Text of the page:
Madison, Wisc. Sometime between October 15, 2010, and mid-November the USDA Enforcement Division – that has been on campus investigating the multiple problems with animal use oversight at the university, for what seems like a very long time now – informed the university that they are widening their investigation.
On November 12, Robert Streiffer, Chair of the College of Letters and Sciences Animal Care and Use Committee reported to the All Campus Animal Care and Use Panel that another deer mouse pup was found in a cage in a cage-washer room.
Campus Veterinarian Janet Welter reported that yet again, there have been “some trends of inconsistent compliance” regarding NIH select agent regulations and BSL-3 protocols. Biosafety level 3 is required when the agent being studied poses a public health risk if it escapes from the lab. The university has a history of failing to adequately regulate such research on and off campus.
Another of Michelle Basso’s monkeys dislodged a recording cylinder screwed to his/her skull which was replaced. Veterinarian Kevin Brunner from the primate center provided advice on the surgery.
Veterinarians applying to work with the animals being experimented on at the university continue to turn down job offers from the university. I'm sure this means that they will end up with a top quality vet.
On November 15, many months after again being cited by the USDA for failing to ensure that vivisectors are considering alternatives to painful and distressful procedures, the Graduate School ACUC continued to struggle with how this could be accomplished.
The same committee continued to wonder why a monkey had died from a spinal tap.
The same committee learned that mutant mice particularly prone to distress died (of fright?) when a fire alarm sounded. (Don’t tell Ned Kalin or local little-love-for-all-beings guru Richie Davidson about these fearful mice.)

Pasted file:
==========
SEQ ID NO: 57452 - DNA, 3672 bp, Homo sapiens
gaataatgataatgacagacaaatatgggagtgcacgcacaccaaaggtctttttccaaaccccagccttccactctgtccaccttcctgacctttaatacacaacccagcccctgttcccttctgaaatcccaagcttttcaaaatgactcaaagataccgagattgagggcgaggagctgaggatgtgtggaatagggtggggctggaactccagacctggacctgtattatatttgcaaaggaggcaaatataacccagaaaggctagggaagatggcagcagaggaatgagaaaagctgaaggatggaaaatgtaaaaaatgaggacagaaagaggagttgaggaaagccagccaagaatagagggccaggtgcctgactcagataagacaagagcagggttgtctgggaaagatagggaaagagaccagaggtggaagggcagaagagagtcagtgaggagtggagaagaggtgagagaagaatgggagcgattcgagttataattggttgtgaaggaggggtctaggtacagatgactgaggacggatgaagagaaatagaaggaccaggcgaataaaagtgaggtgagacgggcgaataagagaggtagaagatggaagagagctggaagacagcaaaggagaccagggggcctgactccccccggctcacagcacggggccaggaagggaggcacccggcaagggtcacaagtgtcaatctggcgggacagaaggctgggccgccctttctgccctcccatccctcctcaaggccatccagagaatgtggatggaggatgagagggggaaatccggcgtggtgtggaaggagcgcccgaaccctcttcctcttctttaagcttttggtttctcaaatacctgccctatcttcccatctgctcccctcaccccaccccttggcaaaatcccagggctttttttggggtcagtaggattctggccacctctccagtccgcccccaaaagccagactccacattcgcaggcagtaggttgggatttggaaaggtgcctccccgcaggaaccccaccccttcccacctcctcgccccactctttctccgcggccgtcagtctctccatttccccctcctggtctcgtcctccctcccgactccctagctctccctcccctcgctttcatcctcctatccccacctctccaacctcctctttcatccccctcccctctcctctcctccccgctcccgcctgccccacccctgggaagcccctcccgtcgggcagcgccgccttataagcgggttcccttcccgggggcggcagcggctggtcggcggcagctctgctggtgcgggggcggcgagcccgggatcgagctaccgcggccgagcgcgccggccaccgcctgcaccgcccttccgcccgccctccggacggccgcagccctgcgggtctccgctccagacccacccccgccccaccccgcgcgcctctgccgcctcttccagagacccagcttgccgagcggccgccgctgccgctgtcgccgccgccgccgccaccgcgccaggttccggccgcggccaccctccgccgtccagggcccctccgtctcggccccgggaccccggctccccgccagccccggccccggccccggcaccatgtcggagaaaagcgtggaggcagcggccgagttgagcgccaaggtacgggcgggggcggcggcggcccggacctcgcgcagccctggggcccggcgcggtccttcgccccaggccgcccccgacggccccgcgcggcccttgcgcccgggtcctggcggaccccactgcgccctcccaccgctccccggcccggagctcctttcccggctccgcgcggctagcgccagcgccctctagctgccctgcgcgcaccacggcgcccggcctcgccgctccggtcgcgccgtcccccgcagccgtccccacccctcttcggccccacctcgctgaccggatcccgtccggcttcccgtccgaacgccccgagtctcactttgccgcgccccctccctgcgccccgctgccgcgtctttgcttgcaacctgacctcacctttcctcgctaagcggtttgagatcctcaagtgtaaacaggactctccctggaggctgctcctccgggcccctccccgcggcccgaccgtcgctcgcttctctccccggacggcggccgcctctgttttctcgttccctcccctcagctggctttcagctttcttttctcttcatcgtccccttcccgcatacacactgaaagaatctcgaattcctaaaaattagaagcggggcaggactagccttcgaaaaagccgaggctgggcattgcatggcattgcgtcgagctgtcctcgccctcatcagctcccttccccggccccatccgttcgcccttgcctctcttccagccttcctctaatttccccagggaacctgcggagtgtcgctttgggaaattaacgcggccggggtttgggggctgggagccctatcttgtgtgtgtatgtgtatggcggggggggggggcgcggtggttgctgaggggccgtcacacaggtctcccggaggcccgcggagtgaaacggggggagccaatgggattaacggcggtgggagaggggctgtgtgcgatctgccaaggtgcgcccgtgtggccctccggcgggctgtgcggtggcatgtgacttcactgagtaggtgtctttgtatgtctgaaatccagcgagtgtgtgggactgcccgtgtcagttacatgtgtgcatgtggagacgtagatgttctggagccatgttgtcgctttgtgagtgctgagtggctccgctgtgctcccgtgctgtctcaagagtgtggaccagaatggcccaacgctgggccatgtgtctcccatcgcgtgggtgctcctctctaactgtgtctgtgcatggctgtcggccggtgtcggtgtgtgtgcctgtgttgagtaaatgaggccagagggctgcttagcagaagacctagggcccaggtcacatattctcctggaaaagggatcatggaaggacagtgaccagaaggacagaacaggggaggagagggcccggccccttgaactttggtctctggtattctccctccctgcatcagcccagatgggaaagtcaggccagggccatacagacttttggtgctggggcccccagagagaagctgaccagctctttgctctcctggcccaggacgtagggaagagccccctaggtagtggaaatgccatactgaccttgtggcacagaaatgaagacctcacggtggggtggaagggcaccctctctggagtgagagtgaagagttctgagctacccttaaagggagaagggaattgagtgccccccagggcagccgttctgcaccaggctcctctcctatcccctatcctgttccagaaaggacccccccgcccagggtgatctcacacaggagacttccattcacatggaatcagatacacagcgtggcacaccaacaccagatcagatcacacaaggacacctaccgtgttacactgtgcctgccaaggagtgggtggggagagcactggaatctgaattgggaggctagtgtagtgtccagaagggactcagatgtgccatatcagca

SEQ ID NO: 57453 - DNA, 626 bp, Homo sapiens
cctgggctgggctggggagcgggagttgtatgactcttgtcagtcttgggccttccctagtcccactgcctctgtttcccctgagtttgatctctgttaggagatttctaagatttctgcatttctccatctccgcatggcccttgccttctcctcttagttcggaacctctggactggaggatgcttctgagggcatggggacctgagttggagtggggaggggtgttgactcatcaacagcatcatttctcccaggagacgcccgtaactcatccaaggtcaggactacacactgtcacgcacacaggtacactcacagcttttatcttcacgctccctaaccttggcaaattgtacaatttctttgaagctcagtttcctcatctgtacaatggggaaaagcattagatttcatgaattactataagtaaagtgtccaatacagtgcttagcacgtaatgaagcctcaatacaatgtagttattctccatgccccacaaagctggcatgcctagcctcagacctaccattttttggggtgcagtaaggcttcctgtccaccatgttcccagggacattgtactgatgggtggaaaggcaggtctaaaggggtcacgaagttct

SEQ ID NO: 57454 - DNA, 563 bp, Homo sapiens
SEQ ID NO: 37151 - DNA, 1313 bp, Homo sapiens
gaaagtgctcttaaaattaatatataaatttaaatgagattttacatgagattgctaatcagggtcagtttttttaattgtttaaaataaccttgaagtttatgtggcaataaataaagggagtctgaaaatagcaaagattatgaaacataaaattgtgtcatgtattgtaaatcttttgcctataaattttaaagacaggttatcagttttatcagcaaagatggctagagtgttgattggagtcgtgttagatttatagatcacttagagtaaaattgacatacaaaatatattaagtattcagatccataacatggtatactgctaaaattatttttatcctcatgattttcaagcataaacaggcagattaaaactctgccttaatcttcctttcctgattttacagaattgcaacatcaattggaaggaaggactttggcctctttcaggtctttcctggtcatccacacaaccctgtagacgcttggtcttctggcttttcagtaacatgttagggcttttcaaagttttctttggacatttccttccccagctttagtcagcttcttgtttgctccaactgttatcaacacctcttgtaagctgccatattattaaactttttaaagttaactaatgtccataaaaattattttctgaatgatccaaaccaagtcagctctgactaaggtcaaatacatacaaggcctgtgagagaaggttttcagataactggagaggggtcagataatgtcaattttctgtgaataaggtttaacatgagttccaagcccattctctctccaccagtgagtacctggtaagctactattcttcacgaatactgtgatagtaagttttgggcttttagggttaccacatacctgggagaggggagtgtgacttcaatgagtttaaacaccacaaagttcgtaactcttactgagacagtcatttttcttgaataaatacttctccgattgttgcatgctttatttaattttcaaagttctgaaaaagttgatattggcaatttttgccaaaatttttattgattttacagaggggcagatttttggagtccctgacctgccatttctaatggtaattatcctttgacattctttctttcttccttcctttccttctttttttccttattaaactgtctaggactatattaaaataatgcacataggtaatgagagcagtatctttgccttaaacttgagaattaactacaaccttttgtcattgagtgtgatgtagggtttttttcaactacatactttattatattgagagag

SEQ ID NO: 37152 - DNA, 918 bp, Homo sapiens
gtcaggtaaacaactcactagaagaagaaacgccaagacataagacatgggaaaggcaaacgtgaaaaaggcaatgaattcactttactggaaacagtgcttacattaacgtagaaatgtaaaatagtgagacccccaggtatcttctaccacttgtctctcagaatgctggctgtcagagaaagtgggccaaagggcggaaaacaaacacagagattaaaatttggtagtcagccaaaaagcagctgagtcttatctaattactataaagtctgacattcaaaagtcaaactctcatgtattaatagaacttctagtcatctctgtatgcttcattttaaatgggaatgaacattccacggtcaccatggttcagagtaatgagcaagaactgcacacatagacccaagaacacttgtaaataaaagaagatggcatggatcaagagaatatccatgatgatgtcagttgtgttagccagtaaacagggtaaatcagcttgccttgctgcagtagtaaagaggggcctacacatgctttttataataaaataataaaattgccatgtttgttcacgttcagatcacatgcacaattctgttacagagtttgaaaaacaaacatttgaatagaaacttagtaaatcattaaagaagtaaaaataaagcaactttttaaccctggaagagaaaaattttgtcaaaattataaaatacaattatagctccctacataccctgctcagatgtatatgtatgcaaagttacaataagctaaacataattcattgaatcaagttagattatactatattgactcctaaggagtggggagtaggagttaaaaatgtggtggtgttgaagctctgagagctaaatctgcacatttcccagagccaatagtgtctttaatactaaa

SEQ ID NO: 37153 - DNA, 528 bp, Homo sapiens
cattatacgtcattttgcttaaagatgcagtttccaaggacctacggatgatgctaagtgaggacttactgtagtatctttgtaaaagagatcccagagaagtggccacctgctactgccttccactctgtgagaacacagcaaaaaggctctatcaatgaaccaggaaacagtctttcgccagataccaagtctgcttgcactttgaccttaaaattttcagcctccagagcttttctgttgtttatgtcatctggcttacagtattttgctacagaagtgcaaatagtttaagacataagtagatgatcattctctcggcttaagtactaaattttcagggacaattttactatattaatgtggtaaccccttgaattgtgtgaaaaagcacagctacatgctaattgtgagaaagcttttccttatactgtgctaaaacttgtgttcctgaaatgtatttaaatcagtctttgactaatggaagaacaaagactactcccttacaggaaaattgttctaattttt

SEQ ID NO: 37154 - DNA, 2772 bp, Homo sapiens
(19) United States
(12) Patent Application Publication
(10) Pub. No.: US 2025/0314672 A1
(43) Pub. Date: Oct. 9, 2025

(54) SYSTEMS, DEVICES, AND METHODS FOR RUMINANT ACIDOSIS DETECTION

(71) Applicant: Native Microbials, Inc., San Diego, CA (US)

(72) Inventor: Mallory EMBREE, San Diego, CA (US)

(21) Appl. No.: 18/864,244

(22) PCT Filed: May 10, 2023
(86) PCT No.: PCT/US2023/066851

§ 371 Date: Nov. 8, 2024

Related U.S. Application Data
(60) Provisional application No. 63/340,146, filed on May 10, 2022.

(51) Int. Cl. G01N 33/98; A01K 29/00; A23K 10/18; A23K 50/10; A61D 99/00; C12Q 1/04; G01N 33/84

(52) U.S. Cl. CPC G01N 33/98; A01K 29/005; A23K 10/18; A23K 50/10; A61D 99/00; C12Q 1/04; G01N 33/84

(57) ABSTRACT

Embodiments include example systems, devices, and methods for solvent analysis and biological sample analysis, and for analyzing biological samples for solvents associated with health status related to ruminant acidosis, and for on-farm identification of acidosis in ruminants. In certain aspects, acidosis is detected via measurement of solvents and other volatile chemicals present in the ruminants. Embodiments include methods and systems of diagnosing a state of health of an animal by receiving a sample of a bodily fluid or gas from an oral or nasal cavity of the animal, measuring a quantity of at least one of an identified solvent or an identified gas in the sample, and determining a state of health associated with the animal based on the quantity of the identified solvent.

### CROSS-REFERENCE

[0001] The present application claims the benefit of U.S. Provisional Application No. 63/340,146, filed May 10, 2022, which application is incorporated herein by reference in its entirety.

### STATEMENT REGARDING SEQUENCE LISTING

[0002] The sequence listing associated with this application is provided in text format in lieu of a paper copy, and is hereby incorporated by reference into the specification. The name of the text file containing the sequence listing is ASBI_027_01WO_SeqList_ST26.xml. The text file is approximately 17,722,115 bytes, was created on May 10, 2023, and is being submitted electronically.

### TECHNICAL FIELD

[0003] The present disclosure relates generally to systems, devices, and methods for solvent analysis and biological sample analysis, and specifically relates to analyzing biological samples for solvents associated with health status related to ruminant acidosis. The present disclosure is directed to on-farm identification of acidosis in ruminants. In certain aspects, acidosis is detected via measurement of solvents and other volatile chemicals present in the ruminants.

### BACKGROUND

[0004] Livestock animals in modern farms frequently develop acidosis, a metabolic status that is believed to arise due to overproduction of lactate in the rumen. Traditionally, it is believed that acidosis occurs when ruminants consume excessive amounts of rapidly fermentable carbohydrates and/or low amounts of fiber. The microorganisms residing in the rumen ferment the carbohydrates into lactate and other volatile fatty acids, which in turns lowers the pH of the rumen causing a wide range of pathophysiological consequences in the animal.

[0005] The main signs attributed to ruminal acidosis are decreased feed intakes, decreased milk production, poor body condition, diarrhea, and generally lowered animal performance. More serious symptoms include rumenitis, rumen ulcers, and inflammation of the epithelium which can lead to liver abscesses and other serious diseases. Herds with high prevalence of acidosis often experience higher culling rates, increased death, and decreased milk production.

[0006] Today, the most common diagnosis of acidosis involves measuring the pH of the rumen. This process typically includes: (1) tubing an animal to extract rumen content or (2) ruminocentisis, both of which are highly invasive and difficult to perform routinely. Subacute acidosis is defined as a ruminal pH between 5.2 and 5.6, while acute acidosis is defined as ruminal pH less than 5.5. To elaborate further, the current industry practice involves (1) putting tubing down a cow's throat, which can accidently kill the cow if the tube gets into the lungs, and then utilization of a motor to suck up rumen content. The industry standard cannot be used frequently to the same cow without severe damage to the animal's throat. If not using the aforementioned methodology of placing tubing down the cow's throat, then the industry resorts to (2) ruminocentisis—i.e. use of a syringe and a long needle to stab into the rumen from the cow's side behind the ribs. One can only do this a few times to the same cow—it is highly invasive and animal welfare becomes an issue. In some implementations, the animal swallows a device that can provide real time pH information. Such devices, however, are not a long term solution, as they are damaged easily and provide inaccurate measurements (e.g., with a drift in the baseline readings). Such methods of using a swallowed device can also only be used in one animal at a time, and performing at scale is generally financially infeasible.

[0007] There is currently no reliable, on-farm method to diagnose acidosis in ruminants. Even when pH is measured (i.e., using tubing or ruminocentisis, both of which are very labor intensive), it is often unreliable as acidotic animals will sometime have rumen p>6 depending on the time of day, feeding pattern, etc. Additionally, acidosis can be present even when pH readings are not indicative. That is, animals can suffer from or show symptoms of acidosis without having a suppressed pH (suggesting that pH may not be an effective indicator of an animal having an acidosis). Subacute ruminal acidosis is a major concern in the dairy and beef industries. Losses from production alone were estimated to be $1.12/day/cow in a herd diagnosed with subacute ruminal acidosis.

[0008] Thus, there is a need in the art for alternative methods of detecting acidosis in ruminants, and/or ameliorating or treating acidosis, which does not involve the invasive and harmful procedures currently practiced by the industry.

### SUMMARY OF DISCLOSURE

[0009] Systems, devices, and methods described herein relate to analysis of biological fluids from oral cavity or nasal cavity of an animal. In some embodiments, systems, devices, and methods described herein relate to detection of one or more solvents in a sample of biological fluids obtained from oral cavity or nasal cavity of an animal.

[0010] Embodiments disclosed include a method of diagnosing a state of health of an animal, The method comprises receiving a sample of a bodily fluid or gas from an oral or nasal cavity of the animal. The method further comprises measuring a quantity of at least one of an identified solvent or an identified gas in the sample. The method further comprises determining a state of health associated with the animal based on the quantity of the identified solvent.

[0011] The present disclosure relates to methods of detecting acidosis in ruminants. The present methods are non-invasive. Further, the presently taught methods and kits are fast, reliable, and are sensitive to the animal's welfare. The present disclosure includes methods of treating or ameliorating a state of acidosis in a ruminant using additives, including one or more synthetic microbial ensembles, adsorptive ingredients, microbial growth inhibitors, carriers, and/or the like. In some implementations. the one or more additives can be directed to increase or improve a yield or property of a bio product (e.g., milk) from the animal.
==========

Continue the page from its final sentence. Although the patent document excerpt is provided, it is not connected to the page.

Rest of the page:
Between September 7 and September 9, a monkey was left unfed when a “Do not feed” sign was left on his/her cage.
On October 4, after having a hole cut in his/her skull and a “cranial pedestal” screwed into place, a monkey had seizures for four days and finally died, in spite of the efforts of primate center vet Saverio Buddy Capuano III, who tried to save him/her so he/she could be used in a series of experiments and then killed.
On October 11, “Biochemistry animals” were found dead in their cages with no food. Animal care staff were “retrained.”
An entire colony of mice (probably owned by a pharmaceutical) was “rederived” (a euphemism for killed and replaced) when mouse parvo virus was detected in two of the mice.
Vet Lisa Krugner-Higby reported that “poor mothering” had led to unexpected high mortality in some secret building.
She also reported that a cage of “weanlings” was found dead. Their watering tube was calcified and blocked. They died of thirst.
Dr. Messing reported on another cage of adult females of some disclosed species that had been left without food for several days. He opined that “retraining” would be necessary. (Lesson one for the “highly trained” staff: Feed the animals every day.)
On December 3, Dr. Collins shared the news that a turtle (probably a tortoise, but you can’t expect them to know the difference) had been sent to the Research Animal Resource Center for an autopsy without having had his/her head cut off first. Instead, his/her brain had been severed from his/her spine (decerebrated). Apparently, an argument had ensued as to whether the “turtle” was dead on arrival.
Dr. Sunde of the College of Agriculture and Life Sciences (CALS) reported that yet another steam valve malfunction led to “some mouse deaths.”
And finally, Dr. Benevenga, also of CALS, reported that yet another (unnamed) researcher was not caring for her animals.
And the beat goes on ....